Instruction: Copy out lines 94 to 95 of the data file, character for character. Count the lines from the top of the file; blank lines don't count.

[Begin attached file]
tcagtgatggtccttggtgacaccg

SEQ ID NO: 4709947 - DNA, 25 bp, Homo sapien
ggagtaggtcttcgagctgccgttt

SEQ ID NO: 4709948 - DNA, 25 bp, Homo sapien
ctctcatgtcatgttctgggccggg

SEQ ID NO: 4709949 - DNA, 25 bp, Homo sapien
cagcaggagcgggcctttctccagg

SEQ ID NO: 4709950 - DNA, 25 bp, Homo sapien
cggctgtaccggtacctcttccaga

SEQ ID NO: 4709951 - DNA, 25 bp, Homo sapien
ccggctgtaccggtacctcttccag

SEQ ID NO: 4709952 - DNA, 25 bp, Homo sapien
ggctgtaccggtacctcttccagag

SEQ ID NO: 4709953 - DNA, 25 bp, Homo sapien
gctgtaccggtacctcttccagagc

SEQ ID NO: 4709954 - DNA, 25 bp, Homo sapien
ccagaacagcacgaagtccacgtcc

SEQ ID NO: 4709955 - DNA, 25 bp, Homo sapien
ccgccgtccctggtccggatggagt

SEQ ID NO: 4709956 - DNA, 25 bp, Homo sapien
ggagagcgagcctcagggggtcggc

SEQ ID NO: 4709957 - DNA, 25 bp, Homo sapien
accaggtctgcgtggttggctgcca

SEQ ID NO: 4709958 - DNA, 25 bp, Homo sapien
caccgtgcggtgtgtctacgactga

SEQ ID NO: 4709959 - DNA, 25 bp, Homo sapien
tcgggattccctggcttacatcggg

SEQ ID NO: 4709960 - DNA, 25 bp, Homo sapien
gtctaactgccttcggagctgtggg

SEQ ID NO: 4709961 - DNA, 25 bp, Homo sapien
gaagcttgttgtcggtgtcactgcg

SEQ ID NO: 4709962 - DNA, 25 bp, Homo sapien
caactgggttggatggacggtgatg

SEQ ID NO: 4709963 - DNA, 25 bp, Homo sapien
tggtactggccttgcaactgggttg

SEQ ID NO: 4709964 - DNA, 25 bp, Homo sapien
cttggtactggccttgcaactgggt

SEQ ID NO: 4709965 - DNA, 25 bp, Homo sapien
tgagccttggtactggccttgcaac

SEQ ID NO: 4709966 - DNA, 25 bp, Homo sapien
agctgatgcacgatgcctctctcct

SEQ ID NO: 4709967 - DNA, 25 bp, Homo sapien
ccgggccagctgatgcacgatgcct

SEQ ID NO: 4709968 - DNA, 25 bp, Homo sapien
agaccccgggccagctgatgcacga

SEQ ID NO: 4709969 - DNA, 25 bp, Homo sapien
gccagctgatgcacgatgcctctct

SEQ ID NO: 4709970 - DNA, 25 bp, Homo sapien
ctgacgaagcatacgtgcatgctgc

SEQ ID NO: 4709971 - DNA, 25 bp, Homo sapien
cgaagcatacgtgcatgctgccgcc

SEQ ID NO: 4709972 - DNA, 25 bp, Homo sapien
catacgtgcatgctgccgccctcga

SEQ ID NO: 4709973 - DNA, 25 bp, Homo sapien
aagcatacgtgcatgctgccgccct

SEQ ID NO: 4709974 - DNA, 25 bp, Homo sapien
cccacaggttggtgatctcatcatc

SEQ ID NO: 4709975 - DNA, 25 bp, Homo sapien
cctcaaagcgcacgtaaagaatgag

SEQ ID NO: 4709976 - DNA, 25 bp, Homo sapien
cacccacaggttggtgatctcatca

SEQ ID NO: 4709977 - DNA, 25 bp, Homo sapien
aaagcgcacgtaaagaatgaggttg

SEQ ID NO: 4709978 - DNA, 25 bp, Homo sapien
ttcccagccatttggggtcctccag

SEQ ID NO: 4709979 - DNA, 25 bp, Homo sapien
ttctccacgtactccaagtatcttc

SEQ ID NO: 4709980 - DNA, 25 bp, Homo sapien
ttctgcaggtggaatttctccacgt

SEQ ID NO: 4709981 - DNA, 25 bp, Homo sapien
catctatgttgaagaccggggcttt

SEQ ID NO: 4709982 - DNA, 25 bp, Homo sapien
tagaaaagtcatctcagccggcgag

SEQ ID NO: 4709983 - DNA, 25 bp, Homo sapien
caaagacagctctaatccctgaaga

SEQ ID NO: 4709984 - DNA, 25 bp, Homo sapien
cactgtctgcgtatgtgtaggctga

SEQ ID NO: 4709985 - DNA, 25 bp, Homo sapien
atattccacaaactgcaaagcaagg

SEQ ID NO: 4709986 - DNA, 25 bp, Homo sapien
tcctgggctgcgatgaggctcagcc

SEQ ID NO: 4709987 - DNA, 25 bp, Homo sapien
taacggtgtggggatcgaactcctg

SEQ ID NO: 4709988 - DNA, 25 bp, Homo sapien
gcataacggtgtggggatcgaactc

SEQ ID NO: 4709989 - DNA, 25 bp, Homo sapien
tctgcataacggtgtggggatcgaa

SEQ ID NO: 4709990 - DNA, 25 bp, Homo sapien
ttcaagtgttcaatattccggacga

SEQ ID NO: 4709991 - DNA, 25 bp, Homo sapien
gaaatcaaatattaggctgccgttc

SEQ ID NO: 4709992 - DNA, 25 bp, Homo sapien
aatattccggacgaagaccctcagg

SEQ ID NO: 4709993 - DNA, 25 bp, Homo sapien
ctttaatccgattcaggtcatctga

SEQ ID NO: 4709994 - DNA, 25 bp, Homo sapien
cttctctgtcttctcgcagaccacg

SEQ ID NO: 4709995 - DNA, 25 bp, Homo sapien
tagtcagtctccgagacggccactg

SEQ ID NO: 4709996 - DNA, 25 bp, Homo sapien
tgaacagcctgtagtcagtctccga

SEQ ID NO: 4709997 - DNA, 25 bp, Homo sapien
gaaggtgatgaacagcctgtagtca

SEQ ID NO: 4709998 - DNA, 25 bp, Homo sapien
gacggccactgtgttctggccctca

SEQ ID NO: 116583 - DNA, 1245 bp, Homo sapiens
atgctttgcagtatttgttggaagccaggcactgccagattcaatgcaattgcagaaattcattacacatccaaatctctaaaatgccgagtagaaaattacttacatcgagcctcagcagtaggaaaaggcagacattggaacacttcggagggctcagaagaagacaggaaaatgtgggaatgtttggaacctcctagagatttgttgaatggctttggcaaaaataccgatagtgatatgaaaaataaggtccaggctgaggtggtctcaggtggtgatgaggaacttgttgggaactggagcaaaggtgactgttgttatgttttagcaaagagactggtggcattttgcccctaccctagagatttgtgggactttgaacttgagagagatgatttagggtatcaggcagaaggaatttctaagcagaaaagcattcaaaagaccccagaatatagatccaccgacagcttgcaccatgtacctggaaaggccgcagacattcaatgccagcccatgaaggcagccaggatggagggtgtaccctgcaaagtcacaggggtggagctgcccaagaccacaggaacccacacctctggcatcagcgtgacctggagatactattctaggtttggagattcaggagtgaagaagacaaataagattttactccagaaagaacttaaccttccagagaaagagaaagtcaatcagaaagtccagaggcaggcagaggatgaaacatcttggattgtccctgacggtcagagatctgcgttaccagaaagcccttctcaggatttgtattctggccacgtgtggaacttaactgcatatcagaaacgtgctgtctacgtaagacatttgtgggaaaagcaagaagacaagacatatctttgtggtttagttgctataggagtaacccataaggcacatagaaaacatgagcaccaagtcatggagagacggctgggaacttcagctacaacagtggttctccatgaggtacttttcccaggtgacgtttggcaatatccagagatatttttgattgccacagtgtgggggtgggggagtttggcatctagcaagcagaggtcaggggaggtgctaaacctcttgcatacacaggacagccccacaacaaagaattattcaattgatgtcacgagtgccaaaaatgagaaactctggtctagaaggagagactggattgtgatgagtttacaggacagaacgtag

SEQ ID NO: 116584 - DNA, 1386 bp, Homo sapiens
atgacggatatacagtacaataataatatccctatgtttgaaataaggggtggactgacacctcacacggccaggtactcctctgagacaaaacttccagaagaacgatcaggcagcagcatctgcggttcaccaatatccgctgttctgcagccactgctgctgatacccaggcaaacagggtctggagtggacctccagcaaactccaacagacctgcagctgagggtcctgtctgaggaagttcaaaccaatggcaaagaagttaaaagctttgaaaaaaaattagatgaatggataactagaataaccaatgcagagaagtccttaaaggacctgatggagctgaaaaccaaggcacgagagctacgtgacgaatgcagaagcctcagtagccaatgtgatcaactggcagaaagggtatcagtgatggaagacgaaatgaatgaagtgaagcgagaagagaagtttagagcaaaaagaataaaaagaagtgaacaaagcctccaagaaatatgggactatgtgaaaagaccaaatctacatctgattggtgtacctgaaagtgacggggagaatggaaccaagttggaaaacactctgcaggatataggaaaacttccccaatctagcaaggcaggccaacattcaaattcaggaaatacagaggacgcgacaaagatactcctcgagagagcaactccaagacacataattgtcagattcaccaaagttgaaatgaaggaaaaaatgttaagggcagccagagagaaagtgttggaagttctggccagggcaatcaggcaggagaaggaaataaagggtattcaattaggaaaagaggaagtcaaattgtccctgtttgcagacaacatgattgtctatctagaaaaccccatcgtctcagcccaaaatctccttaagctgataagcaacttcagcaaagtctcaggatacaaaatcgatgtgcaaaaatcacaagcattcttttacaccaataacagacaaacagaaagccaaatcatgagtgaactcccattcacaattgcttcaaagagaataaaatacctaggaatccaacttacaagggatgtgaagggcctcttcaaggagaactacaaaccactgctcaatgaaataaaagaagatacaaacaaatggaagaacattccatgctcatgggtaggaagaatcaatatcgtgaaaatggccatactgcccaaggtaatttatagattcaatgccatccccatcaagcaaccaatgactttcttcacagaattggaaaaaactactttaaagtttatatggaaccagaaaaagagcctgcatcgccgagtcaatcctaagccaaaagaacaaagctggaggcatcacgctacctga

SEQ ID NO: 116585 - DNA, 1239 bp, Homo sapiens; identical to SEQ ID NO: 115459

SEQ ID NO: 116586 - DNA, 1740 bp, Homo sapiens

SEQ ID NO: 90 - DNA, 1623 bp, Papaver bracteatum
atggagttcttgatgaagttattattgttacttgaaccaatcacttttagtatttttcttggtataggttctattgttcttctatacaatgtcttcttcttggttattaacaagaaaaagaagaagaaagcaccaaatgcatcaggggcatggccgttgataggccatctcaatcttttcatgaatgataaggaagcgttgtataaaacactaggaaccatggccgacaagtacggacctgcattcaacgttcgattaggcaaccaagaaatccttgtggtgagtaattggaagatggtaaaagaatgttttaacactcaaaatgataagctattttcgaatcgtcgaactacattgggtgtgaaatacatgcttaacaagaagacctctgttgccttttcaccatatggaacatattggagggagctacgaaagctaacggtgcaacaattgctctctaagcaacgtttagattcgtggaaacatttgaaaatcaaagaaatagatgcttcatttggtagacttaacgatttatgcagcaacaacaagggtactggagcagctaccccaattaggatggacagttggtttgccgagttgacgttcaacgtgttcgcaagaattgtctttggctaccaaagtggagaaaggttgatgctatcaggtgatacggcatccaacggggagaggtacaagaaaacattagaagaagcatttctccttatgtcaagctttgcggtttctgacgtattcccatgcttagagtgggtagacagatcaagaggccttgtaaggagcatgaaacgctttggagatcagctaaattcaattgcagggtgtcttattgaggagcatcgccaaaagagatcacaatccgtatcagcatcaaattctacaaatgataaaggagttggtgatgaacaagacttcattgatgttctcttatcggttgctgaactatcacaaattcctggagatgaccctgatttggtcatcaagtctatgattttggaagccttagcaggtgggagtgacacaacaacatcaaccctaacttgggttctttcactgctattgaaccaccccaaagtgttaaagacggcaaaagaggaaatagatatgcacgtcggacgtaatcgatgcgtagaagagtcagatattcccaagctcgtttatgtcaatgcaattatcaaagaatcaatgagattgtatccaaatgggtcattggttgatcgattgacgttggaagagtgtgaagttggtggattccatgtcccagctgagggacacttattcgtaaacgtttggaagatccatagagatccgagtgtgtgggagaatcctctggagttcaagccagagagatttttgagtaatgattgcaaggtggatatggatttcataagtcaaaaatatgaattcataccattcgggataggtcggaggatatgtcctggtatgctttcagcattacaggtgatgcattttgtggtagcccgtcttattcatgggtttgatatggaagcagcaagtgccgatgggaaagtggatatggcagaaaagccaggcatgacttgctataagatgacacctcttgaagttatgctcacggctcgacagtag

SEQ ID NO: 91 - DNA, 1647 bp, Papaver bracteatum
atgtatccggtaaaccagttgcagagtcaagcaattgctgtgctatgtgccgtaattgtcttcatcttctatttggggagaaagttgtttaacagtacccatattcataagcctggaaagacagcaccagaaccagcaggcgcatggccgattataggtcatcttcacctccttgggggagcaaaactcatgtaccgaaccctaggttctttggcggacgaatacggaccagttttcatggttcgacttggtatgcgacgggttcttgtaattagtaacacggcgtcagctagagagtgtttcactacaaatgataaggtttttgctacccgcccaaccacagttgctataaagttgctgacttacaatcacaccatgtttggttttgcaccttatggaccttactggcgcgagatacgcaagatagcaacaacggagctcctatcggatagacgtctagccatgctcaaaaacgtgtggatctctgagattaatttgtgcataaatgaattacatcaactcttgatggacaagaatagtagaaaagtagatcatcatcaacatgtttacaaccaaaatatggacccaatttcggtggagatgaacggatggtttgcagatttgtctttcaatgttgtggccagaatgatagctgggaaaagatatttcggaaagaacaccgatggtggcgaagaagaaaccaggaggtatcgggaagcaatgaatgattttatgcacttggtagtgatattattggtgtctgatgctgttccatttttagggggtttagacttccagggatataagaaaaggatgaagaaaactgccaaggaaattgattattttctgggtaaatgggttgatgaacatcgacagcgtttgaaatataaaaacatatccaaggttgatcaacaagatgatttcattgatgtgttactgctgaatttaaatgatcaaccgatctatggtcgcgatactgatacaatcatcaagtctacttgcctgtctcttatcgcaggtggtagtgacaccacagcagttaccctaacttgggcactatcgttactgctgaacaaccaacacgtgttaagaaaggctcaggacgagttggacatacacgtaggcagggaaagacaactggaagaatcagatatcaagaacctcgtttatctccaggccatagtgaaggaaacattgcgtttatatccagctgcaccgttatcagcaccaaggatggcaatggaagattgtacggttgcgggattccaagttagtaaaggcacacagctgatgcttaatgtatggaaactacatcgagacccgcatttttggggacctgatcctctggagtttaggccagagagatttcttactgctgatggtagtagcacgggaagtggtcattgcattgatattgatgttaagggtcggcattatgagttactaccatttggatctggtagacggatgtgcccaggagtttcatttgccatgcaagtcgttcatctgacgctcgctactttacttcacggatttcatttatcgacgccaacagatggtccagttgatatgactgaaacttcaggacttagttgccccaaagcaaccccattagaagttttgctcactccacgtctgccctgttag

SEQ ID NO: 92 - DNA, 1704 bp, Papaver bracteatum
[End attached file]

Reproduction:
SEQ ID NO: 4709993 - DNA, 25 bp, Homo sapien
ctttaatccgattcaggtcatctga